a second execution element configured to receive said disposable key to decrypt said some of said encrypted data to generate said multimedia content therefrom while said disposable key is valid, to decrypt said some of said encrypted data to generate said multimedia content therefrom while said disposable key is valid, and to execute said instructions to generate multimedia content output including audio output from said audio data element, text output from said text data lament and graphics output from said graphics data element, said text output and said graphics output being configured for display on said display apparatus, the combination of which being delivered a synchronized manner with said audio output in accordance with said timing data element; and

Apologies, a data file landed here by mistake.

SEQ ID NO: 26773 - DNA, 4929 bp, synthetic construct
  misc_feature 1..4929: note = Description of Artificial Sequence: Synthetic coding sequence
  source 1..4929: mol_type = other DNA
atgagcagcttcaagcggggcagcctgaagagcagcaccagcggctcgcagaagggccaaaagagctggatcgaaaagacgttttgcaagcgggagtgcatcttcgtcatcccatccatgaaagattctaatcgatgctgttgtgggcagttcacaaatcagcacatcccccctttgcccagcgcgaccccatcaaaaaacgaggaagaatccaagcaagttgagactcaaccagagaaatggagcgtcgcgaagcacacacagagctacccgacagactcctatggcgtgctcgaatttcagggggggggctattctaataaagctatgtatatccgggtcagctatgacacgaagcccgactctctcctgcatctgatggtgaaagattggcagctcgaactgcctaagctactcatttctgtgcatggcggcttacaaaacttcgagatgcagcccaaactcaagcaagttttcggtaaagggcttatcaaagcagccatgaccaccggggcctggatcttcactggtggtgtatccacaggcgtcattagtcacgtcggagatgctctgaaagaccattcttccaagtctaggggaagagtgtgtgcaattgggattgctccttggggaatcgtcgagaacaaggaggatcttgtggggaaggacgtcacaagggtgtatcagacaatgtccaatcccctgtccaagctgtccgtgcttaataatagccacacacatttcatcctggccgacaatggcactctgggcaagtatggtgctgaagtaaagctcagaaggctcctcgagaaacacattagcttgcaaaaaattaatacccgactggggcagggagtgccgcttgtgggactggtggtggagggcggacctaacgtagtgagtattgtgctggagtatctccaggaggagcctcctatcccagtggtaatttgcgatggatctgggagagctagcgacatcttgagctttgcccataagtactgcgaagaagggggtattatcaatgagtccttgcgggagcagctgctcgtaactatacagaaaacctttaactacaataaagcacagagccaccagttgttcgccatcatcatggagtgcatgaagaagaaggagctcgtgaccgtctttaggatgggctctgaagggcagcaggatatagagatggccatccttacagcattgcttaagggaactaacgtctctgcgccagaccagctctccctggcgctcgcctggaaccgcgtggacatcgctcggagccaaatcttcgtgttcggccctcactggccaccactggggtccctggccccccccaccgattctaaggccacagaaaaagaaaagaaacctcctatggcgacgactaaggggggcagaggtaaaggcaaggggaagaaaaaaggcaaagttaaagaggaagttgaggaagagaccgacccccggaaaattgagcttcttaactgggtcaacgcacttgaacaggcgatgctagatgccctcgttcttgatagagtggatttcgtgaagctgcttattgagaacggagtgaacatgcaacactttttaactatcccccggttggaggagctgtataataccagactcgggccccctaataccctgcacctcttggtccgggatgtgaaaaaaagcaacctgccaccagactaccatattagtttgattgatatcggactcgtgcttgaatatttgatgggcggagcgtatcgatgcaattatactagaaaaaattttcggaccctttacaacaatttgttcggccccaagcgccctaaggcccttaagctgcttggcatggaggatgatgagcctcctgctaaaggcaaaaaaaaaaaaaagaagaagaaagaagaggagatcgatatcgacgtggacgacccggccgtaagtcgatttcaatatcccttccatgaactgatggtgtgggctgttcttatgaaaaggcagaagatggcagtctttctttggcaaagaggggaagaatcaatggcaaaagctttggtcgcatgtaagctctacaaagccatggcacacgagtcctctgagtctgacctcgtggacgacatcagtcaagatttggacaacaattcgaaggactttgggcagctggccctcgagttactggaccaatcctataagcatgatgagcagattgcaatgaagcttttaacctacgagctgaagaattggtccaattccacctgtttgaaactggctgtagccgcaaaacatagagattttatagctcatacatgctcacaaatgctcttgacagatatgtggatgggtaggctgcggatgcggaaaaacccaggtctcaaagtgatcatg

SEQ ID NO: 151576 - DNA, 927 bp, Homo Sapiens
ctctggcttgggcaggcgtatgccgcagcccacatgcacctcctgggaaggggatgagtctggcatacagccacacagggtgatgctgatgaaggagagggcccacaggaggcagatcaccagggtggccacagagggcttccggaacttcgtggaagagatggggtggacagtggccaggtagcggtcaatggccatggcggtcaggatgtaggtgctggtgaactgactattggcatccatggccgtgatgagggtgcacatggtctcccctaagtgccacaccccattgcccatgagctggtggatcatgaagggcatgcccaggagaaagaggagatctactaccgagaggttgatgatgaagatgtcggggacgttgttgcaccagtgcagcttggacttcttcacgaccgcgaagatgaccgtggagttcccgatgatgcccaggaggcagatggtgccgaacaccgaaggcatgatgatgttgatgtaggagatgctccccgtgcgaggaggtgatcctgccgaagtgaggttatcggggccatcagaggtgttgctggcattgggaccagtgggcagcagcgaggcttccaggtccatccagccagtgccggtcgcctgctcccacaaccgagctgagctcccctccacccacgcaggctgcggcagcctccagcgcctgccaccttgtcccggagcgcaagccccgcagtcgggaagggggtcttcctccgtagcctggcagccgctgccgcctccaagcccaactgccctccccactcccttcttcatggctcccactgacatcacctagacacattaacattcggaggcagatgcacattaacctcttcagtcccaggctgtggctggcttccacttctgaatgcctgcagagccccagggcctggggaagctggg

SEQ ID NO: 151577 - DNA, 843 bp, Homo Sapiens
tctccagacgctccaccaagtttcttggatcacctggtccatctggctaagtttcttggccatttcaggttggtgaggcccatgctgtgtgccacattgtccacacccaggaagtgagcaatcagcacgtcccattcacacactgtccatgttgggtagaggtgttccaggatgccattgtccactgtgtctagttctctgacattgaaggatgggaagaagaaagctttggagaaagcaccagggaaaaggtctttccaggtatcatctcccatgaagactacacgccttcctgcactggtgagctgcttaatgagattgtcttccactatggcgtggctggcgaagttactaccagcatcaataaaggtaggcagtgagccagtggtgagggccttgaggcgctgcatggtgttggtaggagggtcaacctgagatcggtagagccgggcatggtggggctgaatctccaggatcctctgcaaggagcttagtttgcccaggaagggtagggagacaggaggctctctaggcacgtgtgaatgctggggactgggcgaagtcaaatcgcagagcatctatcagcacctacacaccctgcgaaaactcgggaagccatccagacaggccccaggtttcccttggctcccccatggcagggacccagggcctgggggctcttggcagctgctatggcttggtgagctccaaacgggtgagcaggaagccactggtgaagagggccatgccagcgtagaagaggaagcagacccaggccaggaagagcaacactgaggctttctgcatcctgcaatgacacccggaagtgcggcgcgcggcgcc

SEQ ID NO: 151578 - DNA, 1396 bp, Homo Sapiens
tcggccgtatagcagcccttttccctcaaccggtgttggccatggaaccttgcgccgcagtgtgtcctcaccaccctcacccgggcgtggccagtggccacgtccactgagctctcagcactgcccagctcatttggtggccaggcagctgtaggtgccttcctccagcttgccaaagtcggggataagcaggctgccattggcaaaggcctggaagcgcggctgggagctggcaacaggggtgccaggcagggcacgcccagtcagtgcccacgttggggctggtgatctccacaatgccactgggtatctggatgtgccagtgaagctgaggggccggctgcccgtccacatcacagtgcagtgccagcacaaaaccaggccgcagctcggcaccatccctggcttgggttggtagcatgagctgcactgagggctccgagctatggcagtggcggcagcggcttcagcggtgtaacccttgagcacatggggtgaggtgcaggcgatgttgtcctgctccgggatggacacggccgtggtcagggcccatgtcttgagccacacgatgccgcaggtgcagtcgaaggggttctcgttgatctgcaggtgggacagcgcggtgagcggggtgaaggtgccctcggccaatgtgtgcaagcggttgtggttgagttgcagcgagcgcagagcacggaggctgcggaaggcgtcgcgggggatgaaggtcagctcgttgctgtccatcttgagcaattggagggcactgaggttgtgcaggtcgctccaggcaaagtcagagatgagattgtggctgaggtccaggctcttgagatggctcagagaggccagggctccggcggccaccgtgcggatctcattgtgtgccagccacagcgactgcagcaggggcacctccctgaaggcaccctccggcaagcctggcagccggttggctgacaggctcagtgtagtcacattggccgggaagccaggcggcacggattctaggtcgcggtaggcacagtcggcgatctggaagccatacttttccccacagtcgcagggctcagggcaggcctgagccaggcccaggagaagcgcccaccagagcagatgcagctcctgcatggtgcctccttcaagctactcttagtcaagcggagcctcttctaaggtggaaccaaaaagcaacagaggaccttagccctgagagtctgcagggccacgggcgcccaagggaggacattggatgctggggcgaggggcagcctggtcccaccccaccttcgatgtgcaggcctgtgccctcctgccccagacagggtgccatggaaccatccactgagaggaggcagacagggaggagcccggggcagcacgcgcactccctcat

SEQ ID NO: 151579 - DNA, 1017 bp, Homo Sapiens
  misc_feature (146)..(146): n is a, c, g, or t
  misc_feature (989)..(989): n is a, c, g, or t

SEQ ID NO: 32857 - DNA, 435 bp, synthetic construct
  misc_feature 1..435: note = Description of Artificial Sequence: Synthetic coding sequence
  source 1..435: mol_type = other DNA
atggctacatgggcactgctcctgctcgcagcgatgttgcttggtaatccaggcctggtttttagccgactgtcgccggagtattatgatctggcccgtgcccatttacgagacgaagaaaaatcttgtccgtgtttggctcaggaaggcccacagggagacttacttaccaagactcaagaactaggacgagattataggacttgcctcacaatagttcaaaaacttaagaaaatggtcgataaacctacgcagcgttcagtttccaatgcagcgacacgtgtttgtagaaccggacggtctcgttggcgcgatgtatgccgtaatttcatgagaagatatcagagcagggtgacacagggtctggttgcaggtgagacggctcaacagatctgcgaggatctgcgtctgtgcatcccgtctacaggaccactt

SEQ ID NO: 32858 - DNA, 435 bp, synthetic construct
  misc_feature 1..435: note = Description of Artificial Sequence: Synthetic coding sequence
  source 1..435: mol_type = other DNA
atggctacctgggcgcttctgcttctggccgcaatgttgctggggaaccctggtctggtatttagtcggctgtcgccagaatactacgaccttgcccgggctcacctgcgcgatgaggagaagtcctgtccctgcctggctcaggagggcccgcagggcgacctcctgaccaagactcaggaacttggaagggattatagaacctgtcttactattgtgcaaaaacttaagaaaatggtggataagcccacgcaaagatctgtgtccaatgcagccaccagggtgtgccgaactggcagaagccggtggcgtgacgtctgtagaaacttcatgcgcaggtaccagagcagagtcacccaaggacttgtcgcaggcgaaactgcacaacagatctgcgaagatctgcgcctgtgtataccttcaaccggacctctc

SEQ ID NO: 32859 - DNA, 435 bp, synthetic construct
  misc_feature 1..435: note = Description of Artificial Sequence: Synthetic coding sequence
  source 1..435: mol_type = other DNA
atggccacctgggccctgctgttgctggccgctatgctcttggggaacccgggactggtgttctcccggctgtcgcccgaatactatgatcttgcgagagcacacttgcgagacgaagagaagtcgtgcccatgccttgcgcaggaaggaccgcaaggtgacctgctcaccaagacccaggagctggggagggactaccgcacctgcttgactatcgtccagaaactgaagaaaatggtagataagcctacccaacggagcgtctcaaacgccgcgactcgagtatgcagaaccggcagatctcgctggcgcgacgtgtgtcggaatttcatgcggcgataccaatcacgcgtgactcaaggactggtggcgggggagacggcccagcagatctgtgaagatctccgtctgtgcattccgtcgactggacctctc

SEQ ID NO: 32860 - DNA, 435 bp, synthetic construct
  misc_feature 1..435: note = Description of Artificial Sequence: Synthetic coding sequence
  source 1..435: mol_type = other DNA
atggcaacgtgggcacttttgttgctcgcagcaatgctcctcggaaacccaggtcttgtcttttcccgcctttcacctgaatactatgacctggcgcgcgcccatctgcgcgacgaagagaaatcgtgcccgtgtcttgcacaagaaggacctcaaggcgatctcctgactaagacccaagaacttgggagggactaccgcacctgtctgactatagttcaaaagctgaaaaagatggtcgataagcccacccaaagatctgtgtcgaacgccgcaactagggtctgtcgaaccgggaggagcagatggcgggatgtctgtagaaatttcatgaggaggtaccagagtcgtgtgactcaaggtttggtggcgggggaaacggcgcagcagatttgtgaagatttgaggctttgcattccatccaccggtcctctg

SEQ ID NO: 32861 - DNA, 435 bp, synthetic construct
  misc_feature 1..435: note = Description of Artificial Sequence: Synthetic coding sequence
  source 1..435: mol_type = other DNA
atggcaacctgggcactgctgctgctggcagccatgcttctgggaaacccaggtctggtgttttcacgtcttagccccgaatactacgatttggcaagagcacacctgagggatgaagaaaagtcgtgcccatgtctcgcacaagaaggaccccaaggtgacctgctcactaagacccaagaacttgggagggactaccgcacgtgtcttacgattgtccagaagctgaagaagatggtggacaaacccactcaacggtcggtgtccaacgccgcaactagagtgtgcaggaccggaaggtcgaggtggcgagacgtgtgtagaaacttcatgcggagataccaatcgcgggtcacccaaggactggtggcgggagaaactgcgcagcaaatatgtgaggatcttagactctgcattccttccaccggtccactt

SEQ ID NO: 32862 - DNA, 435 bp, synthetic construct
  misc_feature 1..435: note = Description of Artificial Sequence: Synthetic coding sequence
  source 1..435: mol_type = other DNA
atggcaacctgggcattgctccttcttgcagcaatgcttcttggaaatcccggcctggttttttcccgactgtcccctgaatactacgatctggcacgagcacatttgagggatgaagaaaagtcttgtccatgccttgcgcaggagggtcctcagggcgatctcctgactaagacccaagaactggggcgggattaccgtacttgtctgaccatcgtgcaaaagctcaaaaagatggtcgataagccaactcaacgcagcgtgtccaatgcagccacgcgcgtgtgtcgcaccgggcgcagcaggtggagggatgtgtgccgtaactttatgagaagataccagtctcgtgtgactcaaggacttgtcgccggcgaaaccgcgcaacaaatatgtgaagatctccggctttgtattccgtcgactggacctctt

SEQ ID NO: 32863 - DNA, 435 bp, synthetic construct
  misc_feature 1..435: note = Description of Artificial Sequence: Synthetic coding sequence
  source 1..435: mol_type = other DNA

a transmitter configured to transmit said browser embedded component from said storage unit to a remote computer system.
30. A server as recited in claim 29 wherein upon execution by said second execution element, said graphics output is in the form of highlights on words of said text output which are configured to be displayed on said display apparatus in said synchronized manner with words of said audio output in accordance was said timing data element.
31. A server as recited in claim 29 wherein said audio data element is fragmented into audio fragments having delta time in length and wherein said text data element is fragmented into text fragments having delta time in length wherein said execution element further comprises:
a generator configured to generate simultaneous output of audio fragments and text fragments at the beginning of said delta time.
32. A server as recited in claim 29 wherein said disposable key is only valid for a predetermined period of time.
33. A computer system, comprising:
a transmission reception unit configured to receive data and instructions from a remote source; and